The documentation of all importable functions can be found
Look for the
define_env! macro invocation.
This module executes WebAssembly smart contracts. These can potentially be written in any language
that compiles to web assembly. However, using a language that specifically targets this module
will make things a lot easier. One such language is
which is an
eDSL that enables
writing WebAssembly based smart contracts in the Rust programming language.
Contracts can emit messages to the client when called as RPC through the
API. This is exposed in ink! via
Those messages are gathered into an internal buffer and send to the RPC client. It is up the the individual client if and how those messages are presented to the user.
This buffer is also printed as a debug message. In order to see these messages on the node
console the log level for the
runtime::contracts target needs to be raised to at least
debug level. However, those messages are easy to overlook because of the noise generated
by block production. A good starting point for observing them on the console is using this
command line in the root directory of the substrate repository:
cargo run --release -- --dev -lerror,runtime::contracts=debug
This raises the log level of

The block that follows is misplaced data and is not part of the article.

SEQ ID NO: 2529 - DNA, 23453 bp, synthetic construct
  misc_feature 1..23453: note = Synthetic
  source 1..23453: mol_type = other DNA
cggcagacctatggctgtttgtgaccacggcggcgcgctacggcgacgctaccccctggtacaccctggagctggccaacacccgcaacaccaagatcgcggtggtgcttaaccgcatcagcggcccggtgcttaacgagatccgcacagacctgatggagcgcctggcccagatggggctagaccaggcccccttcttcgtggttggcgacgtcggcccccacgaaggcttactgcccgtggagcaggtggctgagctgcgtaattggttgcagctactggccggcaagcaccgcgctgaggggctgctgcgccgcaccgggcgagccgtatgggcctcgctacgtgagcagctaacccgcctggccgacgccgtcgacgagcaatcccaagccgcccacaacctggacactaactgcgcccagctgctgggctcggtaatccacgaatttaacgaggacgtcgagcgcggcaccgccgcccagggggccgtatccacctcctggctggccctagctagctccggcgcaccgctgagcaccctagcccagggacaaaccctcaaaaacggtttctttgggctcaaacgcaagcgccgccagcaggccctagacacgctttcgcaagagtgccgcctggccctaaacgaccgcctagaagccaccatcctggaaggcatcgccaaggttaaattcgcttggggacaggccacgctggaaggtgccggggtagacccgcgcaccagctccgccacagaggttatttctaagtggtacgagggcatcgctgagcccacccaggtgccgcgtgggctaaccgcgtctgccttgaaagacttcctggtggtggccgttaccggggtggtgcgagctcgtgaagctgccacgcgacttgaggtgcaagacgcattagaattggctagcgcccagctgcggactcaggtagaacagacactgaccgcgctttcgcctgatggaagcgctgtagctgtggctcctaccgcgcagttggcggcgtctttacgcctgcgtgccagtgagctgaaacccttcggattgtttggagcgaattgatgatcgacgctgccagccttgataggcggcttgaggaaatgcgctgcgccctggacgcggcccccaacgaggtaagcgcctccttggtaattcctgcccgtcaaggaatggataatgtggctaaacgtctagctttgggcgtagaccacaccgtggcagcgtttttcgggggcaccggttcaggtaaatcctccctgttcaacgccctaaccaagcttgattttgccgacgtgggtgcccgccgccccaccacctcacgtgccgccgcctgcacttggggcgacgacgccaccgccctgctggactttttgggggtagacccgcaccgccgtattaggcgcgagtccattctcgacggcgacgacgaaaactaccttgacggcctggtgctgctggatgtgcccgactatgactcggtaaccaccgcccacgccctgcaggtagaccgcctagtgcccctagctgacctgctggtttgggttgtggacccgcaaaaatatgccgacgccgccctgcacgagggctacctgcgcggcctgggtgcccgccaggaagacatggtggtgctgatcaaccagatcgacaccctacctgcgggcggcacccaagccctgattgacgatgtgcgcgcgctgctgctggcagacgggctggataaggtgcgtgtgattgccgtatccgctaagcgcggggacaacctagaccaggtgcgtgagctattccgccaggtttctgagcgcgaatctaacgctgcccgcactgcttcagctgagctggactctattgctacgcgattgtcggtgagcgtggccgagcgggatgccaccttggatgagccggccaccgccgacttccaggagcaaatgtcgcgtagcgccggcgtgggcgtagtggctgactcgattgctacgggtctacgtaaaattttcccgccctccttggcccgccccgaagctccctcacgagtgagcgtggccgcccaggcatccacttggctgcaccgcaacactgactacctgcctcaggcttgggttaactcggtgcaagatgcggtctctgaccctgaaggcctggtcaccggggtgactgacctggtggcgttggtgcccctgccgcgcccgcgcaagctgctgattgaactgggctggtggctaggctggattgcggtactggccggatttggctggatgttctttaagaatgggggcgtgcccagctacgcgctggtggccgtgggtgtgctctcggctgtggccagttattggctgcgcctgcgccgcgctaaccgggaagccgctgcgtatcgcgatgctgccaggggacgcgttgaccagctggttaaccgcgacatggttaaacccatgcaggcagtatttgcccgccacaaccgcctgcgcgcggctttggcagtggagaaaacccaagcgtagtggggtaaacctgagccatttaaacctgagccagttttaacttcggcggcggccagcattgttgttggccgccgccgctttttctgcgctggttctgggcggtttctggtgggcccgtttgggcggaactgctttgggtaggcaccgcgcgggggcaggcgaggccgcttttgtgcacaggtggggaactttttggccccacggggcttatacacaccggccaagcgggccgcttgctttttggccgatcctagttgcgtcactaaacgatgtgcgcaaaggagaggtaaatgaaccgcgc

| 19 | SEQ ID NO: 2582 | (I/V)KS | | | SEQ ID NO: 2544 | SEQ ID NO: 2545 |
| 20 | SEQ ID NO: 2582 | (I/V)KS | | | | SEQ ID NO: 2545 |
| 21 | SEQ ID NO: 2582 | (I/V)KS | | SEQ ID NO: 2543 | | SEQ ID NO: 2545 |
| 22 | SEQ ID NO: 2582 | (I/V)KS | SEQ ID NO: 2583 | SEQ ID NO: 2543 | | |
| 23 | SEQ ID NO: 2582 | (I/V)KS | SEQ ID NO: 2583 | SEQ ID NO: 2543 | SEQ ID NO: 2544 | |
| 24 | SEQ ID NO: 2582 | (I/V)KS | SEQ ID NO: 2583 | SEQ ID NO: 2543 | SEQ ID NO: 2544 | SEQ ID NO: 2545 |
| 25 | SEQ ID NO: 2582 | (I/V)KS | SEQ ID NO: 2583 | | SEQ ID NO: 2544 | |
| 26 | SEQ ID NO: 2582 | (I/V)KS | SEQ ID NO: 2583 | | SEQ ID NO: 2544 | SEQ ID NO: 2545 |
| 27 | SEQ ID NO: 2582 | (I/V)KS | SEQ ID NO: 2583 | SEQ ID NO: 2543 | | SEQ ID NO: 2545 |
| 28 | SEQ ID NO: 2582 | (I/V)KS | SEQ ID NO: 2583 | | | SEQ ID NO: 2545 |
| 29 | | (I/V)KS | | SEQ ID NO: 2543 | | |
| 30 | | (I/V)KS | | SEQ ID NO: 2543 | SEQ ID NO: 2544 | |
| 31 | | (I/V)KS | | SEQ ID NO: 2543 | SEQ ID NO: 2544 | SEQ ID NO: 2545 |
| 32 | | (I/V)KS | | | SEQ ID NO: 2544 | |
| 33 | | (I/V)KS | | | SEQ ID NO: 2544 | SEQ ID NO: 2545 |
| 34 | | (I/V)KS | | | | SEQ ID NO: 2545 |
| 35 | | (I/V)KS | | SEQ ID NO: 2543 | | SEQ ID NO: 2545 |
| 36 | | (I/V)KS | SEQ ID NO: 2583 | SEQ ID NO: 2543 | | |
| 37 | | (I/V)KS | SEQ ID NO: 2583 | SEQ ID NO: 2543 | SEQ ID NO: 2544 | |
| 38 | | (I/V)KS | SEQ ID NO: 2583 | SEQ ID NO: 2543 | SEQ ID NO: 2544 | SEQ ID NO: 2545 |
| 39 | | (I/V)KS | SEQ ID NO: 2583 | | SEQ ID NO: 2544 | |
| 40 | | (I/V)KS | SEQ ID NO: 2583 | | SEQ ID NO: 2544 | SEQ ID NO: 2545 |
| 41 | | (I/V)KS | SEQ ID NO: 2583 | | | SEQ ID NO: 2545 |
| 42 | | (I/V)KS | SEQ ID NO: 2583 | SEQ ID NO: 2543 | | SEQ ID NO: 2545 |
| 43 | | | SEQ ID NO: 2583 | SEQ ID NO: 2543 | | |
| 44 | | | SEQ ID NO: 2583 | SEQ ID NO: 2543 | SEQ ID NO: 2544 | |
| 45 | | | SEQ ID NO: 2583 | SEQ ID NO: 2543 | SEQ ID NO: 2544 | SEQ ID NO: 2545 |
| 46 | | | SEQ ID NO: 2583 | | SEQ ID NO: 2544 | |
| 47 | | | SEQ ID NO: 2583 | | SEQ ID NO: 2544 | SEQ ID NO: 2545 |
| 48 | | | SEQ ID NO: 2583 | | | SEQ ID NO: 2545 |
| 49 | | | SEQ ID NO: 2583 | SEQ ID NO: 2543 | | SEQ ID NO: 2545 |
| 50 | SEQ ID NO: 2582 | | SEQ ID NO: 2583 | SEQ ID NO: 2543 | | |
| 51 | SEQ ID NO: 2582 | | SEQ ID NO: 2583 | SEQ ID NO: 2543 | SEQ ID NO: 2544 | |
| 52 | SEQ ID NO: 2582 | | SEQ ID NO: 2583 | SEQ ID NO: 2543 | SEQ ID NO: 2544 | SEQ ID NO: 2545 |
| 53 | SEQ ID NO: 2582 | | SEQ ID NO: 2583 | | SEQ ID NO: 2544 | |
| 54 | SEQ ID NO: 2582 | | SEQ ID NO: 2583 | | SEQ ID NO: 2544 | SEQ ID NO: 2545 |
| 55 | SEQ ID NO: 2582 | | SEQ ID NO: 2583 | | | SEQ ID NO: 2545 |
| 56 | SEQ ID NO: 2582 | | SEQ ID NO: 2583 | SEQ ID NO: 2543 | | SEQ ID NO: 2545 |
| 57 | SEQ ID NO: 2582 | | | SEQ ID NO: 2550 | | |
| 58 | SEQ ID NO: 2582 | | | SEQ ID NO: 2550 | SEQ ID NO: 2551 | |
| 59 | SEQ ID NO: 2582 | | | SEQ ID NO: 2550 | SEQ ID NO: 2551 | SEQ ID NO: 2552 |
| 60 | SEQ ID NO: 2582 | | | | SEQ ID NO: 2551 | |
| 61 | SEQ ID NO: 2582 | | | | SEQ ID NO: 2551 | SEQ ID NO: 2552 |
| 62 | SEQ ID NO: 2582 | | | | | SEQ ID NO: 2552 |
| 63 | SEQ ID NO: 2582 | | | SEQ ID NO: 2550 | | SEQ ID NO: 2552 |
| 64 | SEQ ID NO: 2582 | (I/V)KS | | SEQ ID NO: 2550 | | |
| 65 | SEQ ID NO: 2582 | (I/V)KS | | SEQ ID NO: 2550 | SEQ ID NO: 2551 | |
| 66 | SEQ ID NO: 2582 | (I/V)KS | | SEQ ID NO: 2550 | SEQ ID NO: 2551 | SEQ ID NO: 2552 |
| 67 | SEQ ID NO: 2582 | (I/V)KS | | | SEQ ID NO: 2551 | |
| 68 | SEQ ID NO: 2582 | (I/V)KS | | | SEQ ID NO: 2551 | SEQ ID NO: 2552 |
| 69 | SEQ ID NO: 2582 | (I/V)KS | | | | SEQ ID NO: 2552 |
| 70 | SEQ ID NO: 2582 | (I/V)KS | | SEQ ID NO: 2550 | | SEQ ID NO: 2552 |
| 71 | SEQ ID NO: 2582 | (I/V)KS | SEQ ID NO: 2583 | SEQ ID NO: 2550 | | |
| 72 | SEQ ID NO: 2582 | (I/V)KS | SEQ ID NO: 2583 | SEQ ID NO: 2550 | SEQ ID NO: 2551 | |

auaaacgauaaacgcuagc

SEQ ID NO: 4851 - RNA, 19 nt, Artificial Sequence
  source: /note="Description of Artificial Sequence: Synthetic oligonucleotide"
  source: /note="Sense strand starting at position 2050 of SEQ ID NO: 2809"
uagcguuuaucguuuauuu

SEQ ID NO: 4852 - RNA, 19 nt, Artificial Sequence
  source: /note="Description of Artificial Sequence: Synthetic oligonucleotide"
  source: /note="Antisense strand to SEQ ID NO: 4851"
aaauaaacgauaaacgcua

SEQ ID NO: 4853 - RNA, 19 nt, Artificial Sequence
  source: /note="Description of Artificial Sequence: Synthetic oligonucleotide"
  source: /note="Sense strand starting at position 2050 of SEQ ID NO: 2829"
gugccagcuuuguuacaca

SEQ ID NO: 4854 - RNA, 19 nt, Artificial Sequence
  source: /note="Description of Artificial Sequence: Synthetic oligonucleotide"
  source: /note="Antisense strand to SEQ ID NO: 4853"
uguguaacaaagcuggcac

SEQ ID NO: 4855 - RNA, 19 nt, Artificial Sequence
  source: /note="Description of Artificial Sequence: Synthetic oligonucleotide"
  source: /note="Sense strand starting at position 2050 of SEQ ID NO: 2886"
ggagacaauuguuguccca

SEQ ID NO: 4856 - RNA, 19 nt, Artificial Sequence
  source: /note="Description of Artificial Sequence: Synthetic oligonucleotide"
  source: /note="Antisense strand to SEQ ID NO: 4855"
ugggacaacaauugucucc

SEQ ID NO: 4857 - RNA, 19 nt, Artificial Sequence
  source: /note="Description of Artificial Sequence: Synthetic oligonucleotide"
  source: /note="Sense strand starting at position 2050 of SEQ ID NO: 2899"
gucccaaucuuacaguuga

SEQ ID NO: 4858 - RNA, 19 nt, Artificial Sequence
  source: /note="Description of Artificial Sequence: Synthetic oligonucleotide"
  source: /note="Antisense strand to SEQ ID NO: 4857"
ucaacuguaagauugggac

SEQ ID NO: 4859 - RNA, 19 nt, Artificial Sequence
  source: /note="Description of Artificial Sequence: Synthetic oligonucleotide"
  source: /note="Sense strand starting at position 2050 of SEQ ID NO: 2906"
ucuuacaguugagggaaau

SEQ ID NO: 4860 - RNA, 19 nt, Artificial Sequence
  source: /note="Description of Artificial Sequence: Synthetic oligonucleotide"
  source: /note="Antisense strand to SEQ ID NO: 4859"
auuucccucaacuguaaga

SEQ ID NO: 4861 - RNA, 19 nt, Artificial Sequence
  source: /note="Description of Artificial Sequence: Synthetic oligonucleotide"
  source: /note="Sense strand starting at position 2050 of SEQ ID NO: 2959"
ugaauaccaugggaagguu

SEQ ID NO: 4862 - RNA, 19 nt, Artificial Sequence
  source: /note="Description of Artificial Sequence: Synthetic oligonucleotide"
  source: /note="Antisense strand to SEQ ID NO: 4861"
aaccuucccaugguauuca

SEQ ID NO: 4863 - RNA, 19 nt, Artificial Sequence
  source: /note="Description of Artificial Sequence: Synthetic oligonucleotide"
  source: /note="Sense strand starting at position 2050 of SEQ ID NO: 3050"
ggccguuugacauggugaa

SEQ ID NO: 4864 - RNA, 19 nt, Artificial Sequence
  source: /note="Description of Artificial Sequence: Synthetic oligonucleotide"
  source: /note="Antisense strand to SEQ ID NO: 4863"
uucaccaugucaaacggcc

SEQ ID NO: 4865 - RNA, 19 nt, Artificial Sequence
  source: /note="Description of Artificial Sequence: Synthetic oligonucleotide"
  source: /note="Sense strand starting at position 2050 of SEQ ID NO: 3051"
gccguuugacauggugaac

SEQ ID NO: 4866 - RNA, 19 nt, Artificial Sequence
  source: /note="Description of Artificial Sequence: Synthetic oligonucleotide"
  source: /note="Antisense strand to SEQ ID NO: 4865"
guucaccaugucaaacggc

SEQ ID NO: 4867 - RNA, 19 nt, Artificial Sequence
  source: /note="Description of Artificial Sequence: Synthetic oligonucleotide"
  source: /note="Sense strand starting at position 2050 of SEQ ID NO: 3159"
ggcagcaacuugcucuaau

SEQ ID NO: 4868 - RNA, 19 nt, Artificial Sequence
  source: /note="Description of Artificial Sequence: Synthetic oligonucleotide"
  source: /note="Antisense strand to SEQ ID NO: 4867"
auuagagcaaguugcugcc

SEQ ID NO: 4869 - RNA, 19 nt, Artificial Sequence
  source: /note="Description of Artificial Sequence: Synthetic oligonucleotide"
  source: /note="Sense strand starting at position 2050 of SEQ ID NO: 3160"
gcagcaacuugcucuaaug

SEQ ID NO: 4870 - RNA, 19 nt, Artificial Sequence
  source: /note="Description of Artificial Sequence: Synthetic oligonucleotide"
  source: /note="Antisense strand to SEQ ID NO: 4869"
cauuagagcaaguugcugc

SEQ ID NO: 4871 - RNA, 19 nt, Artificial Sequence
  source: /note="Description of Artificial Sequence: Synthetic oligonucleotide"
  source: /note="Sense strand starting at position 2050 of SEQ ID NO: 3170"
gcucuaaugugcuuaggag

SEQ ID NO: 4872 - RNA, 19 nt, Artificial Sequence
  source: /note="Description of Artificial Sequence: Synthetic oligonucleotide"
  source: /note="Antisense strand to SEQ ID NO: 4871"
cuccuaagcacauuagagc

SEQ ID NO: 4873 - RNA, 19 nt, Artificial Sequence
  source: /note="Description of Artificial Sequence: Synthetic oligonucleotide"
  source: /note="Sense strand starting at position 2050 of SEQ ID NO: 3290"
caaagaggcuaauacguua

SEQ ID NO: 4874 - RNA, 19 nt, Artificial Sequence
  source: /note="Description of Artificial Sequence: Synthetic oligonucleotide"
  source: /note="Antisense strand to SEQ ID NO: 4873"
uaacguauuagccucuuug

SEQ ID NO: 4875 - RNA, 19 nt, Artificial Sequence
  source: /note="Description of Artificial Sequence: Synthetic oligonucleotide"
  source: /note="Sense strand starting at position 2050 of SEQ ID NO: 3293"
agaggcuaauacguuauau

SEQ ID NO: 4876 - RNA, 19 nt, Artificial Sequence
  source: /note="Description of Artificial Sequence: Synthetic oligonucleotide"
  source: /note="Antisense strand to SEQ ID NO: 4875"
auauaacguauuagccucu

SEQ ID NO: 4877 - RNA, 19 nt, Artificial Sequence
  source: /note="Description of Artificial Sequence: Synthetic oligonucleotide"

debug and all other targets
error in order to prevent them from spamming the console.
--dev: Use a dev chain spec
--tmp: Use temporary storage for chain data (the chain state is deleted on exit)
Driven by the desire to have an iterative approach in developing new contract interfaces this pallet contains the concept of an unstable interface. Akin to the rust nightly compiler it allows us to add new interfaces but mark them as unstable so that contract languages can experiment with them and give feedback before we stabilize those.
In order to access interfaces marked as
runtime.rs one need to set
ConstU32<true>. It should be obvious
that any production runtime should never be compiled with this feature: In addition to be
subject to change or removal those interfaces might not have proper weights associated with
them and are therefore considered unsafe.
New interfaces are generally added as unstable and might go through several iterations before they are promoted to a stable interface.